1972 Ligier JS2 Coupe, Sold: $56,020
From the "never heard of it" files came this Ligier JS2, which was part of the Petitjean Collection. All of the vehicles the RM Sotheby's auction sold in this collection were said to have been stationary for some time and in need of some recommissioning before returning to the road.
The JS2 was developed as Ligier's second production sports car by Guy Ligier, an ex-Formula 1 team owner. With a mid-mounted Maserati V-6 and a backbone chassis similar to Lotus designs, this second-series JS2 used various European parts-bin pieces to create a finished product. This was a very interesting, if slightly awkward, car at a seemingly fair price. We'd love to drive one.
1970 Lotus Elan S4, Sold: $15,568
Speaking of backbone chassis designs, the classic Lotus Elan, shown here in later S4 coupe guise, was the first Lotus model to utilize this Colin Chapman design feature. By mating a central steel frame to the fiberglass-monocoque bodyshell, structural rigidity increased compared to the previous Lotus Elite, and Lotus went on to have a successful enough formula that it's shared with today's Mazda Miata.
This Elan S4 looked to be in generally good condition, but as another Petitjean car, it was in need of some fettling after sitting in storage for several years. Nicely bought with plenty of financial room to get it back on the road.
1968 Lamborghini Miura P400, Sold: $810,196
Another member of the Petitjean Collection sold in the RM Sotheby's auction, this Lamborghini Miura will have to spend some time with a specialist mechanic before it is roadworthy. None the less, the sales result seemed to compensate for that fact along with the slightly scruffy cosmetics this Miura had.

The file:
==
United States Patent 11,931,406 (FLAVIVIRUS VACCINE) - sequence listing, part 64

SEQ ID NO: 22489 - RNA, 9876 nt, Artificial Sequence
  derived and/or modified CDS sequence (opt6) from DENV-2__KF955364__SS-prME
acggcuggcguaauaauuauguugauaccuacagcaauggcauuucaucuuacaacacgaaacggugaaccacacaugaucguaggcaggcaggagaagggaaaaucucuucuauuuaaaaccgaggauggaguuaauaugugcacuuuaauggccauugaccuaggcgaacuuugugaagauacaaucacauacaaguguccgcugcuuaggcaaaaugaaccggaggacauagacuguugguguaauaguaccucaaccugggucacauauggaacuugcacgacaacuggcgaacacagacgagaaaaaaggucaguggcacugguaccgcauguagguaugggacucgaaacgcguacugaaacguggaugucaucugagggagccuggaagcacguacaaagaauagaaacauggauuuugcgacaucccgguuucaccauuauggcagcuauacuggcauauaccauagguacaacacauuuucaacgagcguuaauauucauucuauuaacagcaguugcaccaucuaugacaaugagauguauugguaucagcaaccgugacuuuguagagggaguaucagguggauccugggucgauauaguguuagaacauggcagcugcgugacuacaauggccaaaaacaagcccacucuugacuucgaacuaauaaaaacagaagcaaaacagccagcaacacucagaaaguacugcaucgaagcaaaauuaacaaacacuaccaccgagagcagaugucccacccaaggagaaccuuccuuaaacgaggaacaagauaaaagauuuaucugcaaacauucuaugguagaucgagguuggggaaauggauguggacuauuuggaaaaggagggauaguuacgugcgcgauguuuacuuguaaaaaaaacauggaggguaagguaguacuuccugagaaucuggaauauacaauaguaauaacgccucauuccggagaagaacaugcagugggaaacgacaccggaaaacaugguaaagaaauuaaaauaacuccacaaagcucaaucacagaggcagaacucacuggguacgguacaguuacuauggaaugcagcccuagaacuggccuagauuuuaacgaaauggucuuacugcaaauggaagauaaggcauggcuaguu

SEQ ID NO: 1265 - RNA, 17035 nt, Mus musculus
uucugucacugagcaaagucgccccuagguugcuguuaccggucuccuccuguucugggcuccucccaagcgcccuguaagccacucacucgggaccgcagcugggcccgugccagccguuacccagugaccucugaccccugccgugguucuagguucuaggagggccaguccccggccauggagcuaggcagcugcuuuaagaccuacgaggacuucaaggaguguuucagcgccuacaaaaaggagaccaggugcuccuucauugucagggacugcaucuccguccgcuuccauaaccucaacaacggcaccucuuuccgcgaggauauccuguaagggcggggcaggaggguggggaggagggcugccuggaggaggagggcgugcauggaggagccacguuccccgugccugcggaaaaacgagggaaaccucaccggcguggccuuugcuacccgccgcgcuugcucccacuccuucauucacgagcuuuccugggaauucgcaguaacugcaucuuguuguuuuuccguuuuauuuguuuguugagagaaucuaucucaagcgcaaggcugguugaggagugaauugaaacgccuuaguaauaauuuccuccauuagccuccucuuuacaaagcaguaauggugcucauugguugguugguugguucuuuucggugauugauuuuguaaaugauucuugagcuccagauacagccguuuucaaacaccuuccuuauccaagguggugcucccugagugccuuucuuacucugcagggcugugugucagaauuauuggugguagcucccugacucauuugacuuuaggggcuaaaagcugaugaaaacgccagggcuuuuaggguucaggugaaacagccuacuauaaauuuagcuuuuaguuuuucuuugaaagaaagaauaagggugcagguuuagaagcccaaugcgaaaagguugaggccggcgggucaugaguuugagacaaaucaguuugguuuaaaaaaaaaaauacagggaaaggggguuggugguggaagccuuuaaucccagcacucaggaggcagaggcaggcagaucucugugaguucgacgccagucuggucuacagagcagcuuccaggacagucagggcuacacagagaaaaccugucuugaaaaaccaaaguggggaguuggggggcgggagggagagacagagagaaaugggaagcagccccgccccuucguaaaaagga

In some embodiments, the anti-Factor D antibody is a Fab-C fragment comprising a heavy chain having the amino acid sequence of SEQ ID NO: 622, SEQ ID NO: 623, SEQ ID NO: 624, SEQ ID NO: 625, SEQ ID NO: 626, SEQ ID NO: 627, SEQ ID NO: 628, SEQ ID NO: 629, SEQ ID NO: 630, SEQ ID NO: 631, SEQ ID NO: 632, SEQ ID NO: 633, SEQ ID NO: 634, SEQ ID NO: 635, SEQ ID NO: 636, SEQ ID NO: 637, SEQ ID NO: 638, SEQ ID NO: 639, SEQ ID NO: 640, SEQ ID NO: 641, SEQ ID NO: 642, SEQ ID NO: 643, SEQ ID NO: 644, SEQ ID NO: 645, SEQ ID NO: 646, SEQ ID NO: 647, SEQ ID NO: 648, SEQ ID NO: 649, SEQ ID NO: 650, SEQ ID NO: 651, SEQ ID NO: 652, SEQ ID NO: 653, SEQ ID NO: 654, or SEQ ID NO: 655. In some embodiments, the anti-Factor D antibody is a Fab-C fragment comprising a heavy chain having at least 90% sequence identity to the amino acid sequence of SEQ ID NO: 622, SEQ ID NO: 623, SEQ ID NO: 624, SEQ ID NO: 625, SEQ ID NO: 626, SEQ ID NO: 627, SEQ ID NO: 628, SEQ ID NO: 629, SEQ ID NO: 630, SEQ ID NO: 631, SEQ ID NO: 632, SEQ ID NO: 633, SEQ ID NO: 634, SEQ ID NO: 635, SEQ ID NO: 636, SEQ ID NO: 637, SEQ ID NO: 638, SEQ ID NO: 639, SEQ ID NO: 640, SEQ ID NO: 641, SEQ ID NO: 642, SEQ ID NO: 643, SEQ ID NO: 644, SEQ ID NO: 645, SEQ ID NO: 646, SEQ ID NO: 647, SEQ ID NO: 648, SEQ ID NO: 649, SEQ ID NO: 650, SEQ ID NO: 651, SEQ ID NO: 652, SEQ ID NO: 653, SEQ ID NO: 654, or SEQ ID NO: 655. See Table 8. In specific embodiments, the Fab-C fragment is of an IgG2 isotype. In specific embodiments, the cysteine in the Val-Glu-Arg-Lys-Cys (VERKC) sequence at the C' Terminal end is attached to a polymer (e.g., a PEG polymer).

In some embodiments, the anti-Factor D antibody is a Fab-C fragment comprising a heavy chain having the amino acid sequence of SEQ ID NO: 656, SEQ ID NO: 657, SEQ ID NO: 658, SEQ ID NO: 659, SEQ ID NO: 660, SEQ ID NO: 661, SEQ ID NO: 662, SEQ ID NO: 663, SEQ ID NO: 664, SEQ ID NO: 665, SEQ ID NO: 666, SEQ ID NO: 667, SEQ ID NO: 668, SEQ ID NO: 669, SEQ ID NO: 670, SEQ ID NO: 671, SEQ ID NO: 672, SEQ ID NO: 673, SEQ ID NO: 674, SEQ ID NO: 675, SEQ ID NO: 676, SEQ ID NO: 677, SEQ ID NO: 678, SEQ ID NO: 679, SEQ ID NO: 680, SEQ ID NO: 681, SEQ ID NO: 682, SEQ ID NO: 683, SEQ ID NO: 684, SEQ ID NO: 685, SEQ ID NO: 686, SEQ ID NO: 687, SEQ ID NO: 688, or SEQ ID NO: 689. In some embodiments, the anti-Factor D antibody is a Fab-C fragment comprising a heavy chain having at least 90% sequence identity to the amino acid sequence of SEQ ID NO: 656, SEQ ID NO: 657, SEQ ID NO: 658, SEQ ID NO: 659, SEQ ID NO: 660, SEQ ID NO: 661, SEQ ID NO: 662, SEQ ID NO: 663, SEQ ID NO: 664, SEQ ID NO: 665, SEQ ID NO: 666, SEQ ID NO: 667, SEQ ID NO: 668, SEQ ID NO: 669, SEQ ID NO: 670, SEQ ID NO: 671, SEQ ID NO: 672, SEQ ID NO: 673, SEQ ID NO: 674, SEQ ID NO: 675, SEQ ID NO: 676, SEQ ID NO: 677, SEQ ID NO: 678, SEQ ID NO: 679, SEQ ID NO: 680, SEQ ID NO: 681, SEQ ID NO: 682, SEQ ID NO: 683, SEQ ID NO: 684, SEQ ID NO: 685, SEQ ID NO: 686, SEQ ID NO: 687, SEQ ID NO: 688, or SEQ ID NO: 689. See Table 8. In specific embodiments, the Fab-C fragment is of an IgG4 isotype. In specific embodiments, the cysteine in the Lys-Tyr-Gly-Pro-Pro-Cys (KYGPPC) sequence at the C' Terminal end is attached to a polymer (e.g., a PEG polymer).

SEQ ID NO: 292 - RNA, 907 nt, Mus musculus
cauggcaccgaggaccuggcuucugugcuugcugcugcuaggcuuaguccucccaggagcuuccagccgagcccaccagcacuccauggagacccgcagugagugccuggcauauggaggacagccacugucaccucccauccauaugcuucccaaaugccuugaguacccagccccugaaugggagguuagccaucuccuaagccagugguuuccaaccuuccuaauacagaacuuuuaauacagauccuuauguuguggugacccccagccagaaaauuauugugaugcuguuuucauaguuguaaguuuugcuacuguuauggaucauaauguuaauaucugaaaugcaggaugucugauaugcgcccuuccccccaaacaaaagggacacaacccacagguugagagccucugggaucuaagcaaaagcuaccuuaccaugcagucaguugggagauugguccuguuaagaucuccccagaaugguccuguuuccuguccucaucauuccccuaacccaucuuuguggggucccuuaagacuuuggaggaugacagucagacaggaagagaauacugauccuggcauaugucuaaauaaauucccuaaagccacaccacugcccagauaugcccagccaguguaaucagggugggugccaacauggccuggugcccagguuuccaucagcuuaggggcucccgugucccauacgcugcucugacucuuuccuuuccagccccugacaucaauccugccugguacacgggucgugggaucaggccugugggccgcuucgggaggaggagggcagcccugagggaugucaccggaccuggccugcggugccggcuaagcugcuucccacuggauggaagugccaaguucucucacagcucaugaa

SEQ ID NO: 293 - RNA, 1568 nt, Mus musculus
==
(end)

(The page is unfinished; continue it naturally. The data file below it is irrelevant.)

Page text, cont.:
A relatively early car, this Miura was said to be the 57th ever built, and it has the early specification 4.0-liter V-12 engine, designed by Giotto Bizzarrini. The car was allegedly sold to Petitjean in 1979, with mostly static-display since. That boggles our minds as much as yours, but hopefully this Miura will be returned to the road by its high bidder after a 40-year hibernation. The price paid leaves at least $200,000 to do so and still make it a fair buy.
1991 Lamborghini Diablo, Sold: $149,489
While the Lamborghini Countach enjoys a large fan base that bleeds over into popular culture, its successor, the Diablo, never caught on quite as well. Designed while Chrysler owned Lamborghini, the Diablo was a stunning performer with a top speed exceeding 200 mph, and a mid-mounted 485-hp V-12, still of Bizzarrini design after all those years.
Notably, Diablos are also the last Lamborghini flagship to offer only a manual transmission. Audi took control of Lamborghini some years later, and the next-gen Murcielago would give buyers an option of a paddle-shift automated manual. This is a whole lot of car for less than $150,000, and it's tough to imagine they'll be valued this low forever. A good Countach is worth at least twice this price.
RM Sotheby's Auction, Online Only: The European Sale, Top 10 Results:
- 2020 Porsche 935 "Martini," $1,490,148
- 1939 Bugatti Type 57 Cabriolet, $871,348
- 1958 Mercedes-Benz 300 SL Roadster, $858,900
- 1968 Lamborghini Miura P400, $808,927
- 1964 Porsche 904 GTS, $784,037
- 1997 RUF CTR2 Sport, $770,150
- 1967 Aston Martin DB6 Volante, $709,375
- 1979 Lamborghini Countach LP400 S, $510,252
- 1981 Lancia 037 Stradale, $510,252
- 1955 Porsche 356 Speedster, $404,495